My Husband’s Wives,
by Faith Hogan
Publication: Aria; April 4, 2019
About the book:
Is it better to have loved and lost, then never to have loved?
Paul Starr, Ireland’s leading cardiologist, has died in a car crash with a pregnant young woman by his side. A woman who is not his wife.
Evie, Grace, and Annalise never thought they’d meet, but now they have to uncover the truth of their pasts. And suddenly they find themselves united by a man they never really knew at all.
As these women begin to form unlikely friendships they discover that Paul’s death could prove to be the catalyst they needed to become the people they always wanted to be…
It is with my pleasure that I get to share my review of Faith Hogan’s latest in paperback, My Husband’s Wives! This book is one part the worst nightmare and one part blessing – and I truly loved it. The main cast of characters is cardiologist Paul Starr, his first wife, Evie, his second wife, Grace, and his third wife, Annalise. However, when Paul is killed in a car crash, a fourth woman comes into the picture, the young and pregnant Kasia. Before you dismiss this as another book about a man cheating on the woman he supposedly “loves,” know that there is so much more to this novel than just Paul’s indiscretions, or I guess I should say, his inability to find long-term contentment with one woman.
I will admit that I struggled with this one initially as I attempted to decipher who was who and what each person’s true intentions were. As I stated previously, Evie was Paul’s first wife and they each claimed that it was love at first sight for each of them. Yet, years later Paul and Grace meet and fall in love and have a daughter. Years into their marriage, things take a sharp decline, leading up to Paul and Annalise falling in love, having children, and getting married. Annalise is Paul’s wife at the time of his death, although they are separated, then there’s the issue of the other woman in the vehicle with him, Kasia, and whether they were romantically involved.
However, one consistent theme became clear early on in the novel and continued to the end – Paul was an ass. I won’t get into all of the details of his parting ways with one wife and moving onto another, etc., but he refused to let anyone move on after him. Paul’s character was a textbook example of a narcissist man that needs love and attention from as many people as possible. Furthermore, he continued to be a constant presence in their lives in order to maintain the flow of ego-stroking needed in order to feel like a man. But, the clever one that he was, he masked this behavior by coming by the house to fix a sink, or take care of the lawn, visits with children, etc.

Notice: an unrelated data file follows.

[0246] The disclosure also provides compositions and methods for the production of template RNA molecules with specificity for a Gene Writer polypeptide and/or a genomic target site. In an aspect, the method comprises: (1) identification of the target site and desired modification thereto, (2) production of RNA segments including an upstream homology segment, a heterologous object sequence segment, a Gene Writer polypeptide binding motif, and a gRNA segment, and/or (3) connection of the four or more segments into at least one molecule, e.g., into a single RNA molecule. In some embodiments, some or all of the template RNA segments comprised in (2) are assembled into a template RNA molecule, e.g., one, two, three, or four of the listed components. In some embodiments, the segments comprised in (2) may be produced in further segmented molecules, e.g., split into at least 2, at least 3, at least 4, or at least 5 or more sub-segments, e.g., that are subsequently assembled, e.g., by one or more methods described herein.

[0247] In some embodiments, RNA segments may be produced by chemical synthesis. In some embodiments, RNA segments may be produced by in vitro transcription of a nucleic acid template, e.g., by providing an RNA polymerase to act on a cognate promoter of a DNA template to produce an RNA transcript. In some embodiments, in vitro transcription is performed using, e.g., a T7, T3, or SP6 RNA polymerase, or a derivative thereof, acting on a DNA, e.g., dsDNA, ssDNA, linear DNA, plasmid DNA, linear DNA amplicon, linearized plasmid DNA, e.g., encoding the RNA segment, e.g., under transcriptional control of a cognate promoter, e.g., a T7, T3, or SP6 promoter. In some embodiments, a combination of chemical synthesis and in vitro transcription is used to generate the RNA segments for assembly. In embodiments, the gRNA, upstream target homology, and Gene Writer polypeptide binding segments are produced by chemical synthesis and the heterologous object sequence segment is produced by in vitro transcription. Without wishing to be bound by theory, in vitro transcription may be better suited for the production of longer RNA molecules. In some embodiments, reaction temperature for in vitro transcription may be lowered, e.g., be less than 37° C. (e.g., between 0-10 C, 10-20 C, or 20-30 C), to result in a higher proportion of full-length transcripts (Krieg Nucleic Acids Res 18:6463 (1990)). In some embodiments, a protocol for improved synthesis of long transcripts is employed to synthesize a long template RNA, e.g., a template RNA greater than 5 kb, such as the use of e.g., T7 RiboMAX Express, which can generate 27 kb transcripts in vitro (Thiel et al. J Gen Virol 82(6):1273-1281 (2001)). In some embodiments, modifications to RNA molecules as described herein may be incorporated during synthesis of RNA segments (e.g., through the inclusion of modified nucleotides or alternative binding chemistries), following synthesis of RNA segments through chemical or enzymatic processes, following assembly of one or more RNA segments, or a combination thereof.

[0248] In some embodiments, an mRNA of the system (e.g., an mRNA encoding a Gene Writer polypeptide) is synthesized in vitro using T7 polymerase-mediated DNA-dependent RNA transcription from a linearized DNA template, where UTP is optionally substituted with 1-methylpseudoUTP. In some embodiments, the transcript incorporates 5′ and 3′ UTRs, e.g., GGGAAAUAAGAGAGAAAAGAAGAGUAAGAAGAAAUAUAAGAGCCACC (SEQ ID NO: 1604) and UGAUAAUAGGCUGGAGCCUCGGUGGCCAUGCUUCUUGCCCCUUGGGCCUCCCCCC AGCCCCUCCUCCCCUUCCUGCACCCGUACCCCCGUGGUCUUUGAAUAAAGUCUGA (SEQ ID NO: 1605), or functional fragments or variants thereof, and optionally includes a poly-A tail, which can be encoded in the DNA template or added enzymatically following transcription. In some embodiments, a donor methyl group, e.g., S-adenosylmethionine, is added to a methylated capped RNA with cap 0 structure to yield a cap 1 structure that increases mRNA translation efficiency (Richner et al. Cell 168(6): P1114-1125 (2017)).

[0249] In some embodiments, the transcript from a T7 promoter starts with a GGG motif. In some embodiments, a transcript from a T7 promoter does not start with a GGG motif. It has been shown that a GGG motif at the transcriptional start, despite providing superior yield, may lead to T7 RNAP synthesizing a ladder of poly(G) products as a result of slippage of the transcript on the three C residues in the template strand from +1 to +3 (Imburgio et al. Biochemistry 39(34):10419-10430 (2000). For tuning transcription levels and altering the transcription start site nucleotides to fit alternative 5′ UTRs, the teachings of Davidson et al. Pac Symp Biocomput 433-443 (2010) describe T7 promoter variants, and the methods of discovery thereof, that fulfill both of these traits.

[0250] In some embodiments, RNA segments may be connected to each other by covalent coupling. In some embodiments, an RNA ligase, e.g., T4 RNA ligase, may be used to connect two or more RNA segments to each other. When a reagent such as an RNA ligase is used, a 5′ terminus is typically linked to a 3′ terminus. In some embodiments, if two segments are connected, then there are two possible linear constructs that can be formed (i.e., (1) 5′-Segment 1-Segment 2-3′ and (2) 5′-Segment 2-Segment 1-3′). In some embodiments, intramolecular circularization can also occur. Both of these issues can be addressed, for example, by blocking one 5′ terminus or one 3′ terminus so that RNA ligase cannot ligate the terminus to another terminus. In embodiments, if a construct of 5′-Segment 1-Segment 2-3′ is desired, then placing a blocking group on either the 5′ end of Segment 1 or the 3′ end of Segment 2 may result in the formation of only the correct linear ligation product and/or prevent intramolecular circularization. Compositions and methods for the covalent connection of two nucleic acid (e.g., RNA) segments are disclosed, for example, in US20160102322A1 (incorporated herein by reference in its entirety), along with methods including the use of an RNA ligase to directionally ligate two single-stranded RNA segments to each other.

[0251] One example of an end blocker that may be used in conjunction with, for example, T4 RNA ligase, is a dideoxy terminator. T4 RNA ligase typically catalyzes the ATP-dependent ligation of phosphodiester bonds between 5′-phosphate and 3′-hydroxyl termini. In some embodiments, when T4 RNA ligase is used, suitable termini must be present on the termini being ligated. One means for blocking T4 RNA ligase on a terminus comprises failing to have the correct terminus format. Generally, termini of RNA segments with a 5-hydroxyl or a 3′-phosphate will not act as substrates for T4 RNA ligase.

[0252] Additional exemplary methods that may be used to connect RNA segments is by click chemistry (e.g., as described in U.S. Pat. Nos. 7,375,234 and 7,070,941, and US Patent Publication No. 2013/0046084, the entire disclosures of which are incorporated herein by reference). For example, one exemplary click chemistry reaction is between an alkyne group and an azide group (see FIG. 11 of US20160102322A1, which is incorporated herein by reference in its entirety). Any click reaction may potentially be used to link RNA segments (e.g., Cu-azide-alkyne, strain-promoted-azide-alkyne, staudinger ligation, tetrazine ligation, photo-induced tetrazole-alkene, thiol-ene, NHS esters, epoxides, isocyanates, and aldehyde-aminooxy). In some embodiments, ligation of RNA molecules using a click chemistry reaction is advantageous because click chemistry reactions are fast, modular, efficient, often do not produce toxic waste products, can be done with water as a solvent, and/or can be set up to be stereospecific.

The one positive thing about Paul is that he brought Evie, Grace, Annalise, and Kasia together. Each of these women had experienced highs and lows throughout life both personally and professionally, but as they were forced together after Paul’s death and their relationships grew, so did each woman individually. And that is where the light bulbs begin to go off above each of their heads! After spending so much time loving and taking care of Paul, watching Paul move on with someone else, and then mourning Paul’s death, these women found that life went on without this man and that finally, they had the chance to truly look at themselves and the lives they wanted, separate from Paul and what each of them had been for him.
Maybe not to everyone, but to me and countless others that I know, a family does not have to be genetic relatives. We have the beauty of building our families in a way that represents what we want and need from others, as well as, what we want and are able to give. Granted, we may have family out there that we would prefer not to have, but the family that you spend time with, support, and love doesn’t have to be someone technically related to you. The beauty of this novel was not only the woman learning to become their own selves, but also learning that their unusual, blended family was the family that they never knew they wanted or needed.
My Husband’s Wives is certainly a character-driven novel but there is plenty of depth and structure to the plot to avoid making you feel overwhelmed with mundane details about everyone while reading. There were some surprises throughout the plot and certainly some twists and turns, but I would consider this more of a steady-paced novel than an edge-of-your-seat read.
My only real issue with the novel is the time frames. There were times I felt like Evie’s character was 80 years old and other times maybe in her 50’s. And I remained confused about Grace’s age and the length of time between when she met Paul and when the book ended. Towards the end of the novel, I’m thinking Grace is in her 60’s but then there was her crush Jake who was in his late 30’s. It was just a bit confusing to me.
Enough with my rambling! My Husband’s Wives is an engaging novel that evokes a variety of emotions while reading. I loved the themes and the characters, I just hope any younger woman out there reading this will find this one as an example of what not to do concerning men and relationships.
*Thanks to Aria and the author for providing this copy in exchange for my honest review!
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About the author
Faith lives in the west of Ireland with her husband, four children, and two very fussy cats. She has an Hons Degree in English Literature and Psychology, has worked as a fashion model and in the intellectual disability and mental health sector.